History of the park
According to geologists, Zion canyon that later gave its name to the park, was formed about 150 million years ago, but the first people came there about 8000 years ago only. The first civilized settlers in this area were the Mormons who came there in 1858 and settled in the early 1860s.
In 1909, President William Howard Taft named the area Mukuntuweap National Monument in order to protect the canyon. About ten years after that, this name was changed to Zion National Monument, and later incorporated into the national park. Around that time, the first roads to Zion were built.
In contrast to Grand Canyon, Zion has not yet been included to the UNESCO World Heritage List, however today it is one of the most visited national parks in USA.
Geography and charming beauty of Zion
The park is located in southwestern Utah on the Markagunt and Kolob plateaus, at intersection of three North American geographic provinces: the Colorado Plateau, the Great Basin, and the Mojave Desert. The northern part of the park known as the Kolob Canyon is accessible from Interstate 15, exit 40.
Although there are almost no specific attractions in the park, you will definitely find what to see in Zion. For example, the main water artery of the park, the Virgin River, that flows through the entire canyon and that played key role in building Zion canyon relief.
Speaking about Zion, it is worth mentioning its known tunnel, at which entrance locate two bizarre stone pillars called ‘Salt and Pepper’. The tunnel itself is also unique, since it was built about a hundred years ago and it was the longest non-urban tunnel in the U.S. at the time. The tunnel's original six galleries offered visitors a chance to stop and see the Great Arch and the East Temple from excellent, artistic viewpoints. Today only two of the original six galleries are open, and stopping in the tunnel has not been permitted since about the late 1960s because of increased traffic.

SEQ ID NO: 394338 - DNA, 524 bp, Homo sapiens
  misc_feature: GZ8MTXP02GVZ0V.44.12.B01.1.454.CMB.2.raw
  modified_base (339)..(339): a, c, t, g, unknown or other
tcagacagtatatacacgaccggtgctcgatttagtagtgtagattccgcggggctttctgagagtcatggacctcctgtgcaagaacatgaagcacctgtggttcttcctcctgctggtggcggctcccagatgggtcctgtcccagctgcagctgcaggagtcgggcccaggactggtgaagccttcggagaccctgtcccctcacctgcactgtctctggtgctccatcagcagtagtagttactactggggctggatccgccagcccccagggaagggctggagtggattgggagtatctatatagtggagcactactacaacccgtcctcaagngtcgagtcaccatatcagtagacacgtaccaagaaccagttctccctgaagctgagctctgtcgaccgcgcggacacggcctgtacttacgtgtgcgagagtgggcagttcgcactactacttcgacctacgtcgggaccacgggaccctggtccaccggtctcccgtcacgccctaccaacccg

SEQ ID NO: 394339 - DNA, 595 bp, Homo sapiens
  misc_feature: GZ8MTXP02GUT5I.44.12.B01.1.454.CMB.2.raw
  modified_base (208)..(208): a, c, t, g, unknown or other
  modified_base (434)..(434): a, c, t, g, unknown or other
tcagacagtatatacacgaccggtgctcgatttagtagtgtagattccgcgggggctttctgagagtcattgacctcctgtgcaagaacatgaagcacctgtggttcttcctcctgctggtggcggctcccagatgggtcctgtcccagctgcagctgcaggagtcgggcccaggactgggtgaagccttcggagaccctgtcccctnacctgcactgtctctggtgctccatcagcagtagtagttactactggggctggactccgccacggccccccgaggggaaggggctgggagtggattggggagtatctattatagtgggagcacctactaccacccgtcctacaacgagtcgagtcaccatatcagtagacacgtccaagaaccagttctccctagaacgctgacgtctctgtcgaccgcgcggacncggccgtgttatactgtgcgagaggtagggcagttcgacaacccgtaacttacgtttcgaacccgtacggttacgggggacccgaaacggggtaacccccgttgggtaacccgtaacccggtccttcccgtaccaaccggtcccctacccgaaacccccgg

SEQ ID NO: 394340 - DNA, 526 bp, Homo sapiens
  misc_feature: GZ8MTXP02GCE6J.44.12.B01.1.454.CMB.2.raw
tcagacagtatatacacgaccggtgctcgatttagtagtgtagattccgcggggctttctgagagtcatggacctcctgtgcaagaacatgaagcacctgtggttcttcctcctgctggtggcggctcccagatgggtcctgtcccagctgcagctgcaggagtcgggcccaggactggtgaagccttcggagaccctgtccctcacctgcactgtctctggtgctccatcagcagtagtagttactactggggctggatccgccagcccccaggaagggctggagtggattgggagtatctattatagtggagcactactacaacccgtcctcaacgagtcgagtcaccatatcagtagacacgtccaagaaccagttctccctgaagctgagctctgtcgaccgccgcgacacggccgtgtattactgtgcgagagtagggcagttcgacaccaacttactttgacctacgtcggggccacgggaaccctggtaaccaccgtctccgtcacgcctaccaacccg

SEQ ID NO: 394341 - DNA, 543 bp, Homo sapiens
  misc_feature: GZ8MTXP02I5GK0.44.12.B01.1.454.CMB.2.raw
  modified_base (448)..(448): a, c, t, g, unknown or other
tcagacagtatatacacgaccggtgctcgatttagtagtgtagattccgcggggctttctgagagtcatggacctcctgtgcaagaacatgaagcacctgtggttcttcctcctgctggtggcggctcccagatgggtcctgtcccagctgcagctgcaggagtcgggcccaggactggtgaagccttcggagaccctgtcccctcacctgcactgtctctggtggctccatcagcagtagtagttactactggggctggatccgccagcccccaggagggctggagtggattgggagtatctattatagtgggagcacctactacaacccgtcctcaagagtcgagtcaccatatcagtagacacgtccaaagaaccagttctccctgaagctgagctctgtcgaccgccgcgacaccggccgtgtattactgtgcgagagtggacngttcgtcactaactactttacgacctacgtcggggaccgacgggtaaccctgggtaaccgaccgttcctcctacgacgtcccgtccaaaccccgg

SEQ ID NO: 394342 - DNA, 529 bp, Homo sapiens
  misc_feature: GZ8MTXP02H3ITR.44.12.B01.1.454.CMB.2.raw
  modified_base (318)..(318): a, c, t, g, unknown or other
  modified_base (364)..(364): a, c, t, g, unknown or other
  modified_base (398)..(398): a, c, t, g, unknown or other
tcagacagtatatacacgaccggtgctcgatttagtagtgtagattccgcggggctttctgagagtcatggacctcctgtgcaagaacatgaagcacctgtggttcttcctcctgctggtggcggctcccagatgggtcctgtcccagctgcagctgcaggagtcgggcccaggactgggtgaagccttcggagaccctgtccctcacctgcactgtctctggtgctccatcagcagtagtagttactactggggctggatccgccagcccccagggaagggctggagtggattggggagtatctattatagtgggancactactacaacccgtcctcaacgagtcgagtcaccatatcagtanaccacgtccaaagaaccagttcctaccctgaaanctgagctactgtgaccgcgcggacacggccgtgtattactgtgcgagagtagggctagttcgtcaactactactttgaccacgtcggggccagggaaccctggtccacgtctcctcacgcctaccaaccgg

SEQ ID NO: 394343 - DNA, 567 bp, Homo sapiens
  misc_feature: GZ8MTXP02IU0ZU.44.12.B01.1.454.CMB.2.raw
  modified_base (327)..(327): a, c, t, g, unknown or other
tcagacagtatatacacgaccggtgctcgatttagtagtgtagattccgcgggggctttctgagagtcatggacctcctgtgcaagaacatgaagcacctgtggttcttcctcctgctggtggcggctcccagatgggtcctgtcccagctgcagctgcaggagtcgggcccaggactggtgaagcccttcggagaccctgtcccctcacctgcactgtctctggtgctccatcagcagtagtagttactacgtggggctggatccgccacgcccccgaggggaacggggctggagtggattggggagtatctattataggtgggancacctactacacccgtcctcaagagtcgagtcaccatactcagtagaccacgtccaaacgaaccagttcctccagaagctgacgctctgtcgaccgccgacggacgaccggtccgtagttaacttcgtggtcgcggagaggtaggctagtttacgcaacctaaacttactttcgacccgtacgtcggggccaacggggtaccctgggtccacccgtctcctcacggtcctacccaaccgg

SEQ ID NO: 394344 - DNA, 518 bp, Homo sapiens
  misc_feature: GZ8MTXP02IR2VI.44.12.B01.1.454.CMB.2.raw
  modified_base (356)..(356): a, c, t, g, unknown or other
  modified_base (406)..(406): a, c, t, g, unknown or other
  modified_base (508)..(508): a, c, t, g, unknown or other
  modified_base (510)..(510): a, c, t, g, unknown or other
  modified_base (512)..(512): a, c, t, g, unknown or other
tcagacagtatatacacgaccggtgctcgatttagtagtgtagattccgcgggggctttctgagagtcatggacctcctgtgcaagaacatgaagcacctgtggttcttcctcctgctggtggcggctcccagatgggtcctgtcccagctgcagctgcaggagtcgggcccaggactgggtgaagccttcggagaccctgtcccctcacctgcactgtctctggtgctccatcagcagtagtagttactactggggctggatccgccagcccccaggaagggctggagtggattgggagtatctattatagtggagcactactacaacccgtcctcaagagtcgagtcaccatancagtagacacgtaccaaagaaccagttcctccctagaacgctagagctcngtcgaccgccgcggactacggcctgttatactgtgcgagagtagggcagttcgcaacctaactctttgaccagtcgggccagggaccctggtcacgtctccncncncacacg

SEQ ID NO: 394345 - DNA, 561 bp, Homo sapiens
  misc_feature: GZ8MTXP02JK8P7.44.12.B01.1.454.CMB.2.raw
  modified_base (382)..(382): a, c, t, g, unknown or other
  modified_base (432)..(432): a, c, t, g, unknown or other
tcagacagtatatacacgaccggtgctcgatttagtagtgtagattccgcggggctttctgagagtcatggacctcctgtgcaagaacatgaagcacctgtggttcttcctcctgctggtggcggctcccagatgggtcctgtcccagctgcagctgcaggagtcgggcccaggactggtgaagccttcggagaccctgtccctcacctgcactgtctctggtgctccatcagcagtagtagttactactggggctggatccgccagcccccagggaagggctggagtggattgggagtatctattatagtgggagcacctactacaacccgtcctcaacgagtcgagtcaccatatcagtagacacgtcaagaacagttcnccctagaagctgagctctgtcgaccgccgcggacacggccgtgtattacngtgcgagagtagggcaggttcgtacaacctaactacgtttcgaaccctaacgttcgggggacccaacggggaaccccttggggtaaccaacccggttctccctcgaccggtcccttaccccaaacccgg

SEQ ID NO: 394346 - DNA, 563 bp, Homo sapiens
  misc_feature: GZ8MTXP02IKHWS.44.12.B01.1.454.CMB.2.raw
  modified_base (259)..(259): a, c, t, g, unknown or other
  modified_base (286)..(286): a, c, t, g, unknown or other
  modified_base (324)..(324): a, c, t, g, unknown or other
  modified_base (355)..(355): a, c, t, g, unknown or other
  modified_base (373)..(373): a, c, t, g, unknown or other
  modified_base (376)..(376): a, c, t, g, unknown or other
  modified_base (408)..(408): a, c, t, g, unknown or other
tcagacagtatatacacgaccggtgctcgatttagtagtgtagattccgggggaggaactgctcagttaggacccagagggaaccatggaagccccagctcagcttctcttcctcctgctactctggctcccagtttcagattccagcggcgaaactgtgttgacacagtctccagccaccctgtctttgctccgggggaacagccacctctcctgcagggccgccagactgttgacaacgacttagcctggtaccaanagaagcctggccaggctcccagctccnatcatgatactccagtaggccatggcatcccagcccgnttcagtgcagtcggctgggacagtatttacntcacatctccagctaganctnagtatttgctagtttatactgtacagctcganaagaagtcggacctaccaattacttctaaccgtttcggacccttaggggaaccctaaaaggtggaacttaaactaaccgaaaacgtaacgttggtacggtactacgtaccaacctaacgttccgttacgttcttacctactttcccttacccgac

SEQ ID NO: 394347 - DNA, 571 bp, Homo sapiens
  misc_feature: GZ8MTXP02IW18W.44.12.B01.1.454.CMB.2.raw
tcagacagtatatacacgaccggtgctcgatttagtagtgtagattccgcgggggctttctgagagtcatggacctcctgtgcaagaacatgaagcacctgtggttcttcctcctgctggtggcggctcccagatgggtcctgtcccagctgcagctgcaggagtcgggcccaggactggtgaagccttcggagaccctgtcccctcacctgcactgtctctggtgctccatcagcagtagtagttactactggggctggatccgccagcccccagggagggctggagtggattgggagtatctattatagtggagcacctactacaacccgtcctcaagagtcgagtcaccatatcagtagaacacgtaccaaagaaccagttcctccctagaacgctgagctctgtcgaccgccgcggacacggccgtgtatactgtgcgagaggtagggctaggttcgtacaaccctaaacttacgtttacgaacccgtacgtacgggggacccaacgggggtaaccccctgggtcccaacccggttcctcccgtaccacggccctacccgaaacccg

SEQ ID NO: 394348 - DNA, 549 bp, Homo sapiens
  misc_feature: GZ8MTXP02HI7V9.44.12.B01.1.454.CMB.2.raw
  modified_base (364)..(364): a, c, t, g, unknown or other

Zion has the most impressive rock formations that are up to 2,500 feet thick, making it the world's deepest desert landscape. The 8726 ft summit of Horse Ranch Mountain is the highest point in the park, and the lowest point is the 3666 ft elevation of Coal Pits Wash. Another interesting mountain is the Checkerboard Mesa covered with unusual crack pattern that resembles a grid much like you would see on a checkerboard.
And finally, a real gem of Zion is Angel's Landing observation point and the like-named trail cut into solid rock that leads to the top of Angels Landing mountain and provides amazing views of Zion canyon.
So, Zion is definitely a must visit place. Although it is not so widely promoted as Grand Canyon, it is very popular among American tourists and attracts nature lovers and hikers from all over the world.
Going to visit Zion? Make sure to download our offline map of Zion National Park.